The better-for-you orange juice is made with not from concentrate Gisborne orange juice, and vitamin C using the liposomal process which helps increase absorption.
The idea for this product was conceptualised two years ago when the owners of Woodlands farm in Gisborne, New Zealand, wanted to expand its orange business.
The family farm has been growing oranges since 1973 and supplying to wholesalers who then sells them to supermarkets, restaurants, and small volumes for export.
Some of the oranges are also freshly juiced and sold at farmers markets and music festivals in New Zealand. At popular music festivals, they can sell up to 5,000L of orange juice over three days.
The farm reached out to James Crow, who is now co-founder and managing director of ‘73 citrus, to help with business expansion.
“In New Zealand, oranges are growing all the time, but people only drink orange juice for breakfast a few times a week. It deserves to be looked at and be innovated.
“We were looking at different ways of turning the family oranges into a product that was good, interesting, exciting, and different.”
So, they came up with a sparkling orange juice with liposomal vitamin C and launched into market this April.
According to Crow, liposomal vitamin C was readily available in New Zealand, and taken for immunity functions.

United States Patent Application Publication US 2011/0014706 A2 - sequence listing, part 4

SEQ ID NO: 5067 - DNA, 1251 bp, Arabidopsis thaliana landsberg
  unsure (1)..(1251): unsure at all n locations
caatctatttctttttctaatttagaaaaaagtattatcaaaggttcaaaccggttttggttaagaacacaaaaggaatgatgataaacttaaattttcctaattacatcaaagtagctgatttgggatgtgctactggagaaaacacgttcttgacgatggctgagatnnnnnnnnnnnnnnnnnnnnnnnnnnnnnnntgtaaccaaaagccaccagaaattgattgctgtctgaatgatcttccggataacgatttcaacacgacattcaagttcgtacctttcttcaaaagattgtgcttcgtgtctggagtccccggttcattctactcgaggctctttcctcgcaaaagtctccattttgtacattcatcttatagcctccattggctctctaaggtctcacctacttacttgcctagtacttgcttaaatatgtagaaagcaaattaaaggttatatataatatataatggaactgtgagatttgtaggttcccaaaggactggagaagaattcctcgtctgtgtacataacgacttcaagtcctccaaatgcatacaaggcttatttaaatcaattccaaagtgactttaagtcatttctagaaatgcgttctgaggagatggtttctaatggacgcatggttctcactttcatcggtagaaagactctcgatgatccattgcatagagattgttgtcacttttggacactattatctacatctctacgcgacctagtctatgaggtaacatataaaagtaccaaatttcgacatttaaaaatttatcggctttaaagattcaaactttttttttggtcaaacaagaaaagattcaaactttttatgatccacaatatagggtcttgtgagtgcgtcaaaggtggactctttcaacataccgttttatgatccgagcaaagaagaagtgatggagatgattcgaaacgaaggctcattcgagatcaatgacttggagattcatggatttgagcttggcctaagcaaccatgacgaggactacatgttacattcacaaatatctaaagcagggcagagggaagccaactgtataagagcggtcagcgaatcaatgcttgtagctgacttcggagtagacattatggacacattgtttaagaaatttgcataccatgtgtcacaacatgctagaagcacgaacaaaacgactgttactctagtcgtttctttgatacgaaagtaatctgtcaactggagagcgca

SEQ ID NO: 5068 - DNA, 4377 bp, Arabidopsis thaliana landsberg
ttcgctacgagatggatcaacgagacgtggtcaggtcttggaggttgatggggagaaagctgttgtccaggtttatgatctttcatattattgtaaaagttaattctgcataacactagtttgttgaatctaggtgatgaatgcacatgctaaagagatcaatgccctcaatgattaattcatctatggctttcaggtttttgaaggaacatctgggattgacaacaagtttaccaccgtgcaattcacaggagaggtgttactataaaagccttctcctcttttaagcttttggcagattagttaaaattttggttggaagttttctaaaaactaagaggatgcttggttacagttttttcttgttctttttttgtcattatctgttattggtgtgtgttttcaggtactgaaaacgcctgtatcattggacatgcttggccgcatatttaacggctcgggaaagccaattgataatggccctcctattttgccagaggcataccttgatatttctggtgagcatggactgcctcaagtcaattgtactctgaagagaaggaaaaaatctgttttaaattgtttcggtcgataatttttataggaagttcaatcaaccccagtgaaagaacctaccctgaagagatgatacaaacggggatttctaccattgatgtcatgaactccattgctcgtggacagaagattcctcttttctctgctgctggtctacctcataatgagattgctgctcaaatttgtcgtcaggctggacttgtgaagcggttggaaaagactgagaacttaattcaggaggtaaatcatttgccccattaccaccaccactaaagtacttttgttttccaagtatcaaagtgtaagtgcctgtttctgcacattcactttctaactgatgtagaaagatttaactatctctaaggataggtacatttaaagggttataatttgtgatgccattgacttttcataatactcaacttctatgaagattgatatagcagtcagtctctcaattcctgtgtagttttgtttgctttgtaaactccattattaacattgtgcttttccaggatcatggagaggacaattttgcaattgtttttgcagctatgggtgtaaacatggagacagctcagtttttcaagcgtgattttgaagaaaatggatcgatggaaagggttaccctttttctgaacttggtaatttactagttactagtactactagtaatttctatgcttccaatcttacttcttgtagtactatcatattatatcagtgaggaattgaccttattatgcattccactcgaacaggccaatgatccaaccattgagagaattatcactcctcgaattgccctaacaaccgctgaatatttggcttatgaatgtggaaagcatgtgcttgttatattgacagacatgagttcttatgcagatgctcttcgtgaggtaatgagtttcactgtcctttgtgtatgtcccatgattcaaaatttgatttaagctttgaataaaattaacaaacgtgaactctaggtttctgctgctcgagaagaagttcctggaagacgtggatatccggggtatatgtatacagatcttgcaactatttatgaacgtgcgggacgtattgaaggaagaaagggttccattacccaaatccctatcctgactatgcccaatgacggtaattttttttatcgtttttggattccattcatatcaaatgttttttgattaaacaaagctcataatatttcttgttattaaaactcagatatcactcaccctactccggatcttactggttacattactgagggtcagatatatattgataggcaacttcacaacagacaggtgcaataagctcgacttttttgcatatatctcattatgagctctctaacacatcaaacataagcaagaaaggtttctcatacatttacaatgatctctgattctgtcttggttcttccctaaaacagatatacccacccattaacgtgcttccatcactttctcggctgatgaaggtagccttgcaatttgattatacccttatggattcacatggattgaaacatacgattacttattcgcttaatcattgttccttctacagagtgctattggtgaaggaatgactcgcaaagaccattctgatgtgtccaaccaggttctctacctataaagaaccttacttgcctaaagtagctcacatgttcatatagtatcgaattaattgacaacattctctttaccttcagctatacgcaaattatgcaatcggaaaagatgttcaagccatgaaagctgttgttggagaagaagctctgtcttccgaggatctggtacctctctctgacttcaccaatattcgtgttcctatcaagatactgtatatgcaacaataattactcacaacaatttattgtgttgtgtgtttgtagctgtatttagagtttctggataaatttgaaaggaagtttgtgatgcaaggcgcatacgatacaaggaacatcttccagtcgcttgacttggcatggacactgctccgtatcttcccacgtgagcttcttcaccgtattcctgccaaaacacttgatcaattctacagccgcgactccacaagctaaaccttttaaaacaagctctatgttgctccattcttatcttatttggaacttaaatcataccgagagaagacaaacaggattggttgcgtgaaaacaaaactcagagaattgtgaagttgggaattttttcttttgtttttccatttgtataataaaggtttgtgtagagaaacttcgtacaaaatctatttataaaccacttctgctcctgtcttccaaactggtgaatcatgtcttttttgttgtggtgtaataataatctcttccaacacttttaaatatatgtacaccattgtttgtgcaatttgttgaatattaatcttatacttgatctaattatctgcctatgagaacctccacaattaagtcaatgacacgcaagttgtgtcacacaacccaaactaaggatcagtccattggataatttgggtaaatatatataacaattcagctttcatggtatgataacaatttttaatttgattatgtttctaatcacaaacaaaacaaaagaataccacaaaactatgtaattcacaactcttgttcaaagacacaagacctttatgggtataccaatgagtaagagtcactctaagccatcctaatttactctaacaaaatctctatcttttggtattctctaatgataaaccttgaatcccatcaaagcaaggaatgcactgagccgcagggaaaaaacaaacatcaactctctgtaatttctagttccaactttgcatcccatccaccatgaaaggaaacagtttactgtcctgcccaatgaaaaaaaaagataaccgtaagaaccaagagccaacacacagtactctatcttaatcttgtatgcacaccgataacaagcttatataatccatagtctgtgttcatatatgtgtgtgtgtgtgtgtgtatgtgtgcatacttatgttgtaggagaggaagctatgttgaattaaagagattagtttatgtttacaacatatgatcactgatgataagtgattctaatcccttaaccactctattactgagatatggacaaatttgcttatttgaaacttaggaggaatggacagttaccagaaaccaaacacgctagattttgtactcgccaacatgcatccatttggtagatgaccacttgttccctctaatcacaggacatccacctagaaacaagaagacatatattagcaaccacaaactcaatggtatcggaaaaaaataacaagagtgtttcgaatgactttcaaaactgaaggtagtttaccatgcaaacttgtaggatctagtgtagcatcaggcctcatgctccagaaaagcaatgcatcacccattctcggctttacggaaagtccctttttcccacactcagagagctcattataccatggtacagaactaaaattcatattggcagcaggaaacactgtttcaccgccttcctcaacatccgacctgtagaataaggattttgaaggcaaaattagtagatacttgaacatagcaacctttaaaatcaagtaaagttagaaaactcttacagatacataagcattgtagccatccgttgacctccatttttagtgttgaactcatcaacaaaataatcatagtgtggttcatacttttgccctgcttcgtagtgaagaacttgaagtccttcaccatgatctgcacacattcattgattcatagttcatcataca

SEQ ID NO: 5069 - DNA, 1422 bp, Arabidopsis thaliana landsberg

“It slows down the digestion, increases the time that your body can absorb the vitamins, before you flush it out naturally.
“This technology is not new, and have been used in food and supplement applications worldwide.
I don't believe anyone ever put it into a beverage.”
Each can (330mL) contains 1,165mg of vitamin C, of which 1,000mg is from liposomal vitamin C and the rest comes naturally from the orange juice.
The company uses a non-GMO soy lecithin which encapsulates the vitamin C. It had initially tried sunflower oil, but it had too strong a taste.
“Traditional vitamin C goes through the body too fast to be absorbed. But if it is inside of oil, your body treats it like a food, so it digests that more slowly,” Crow said.
‘73 citrus made it into a sparkling juice, and pasteurised it to give a 12-month shelf life, which would help with export purposes in the future.
Pasteurisation helps reduce yeast growth which is prone in orange juice.
The OJ product is juiced and canned in Hawke’s Bay, with the oranges from the farm in Gisborne.
Currently, the sparkling OJ are sold direct to consumers through ‘73 citrus online store.
They have also been invited to retail in cafes, restaurants, and are now beginning discussions with supermarket chains.
“They see a real point of difference in the product, because it is not just a juice or soda, it's something more, and something new and interesting,” Crow added.
As it continues to work on scaling up and bringing manufacturing costs down, it will explore export opportunities.
Singapore is a potential market which it hopes to enter by the end of this year, “the interest in new and quality products in Singapore is great.” Australia was another potential market.
‘73 citrus hopes to introduce more orange-based beverage products which will meet needs from other markets.
“We hope to find better ways for people to enjoy oranges, especially with added benefits.”
This meant exploring other technologies, vitamins and minerals that compliment the basic orange juice yet offer health benefits.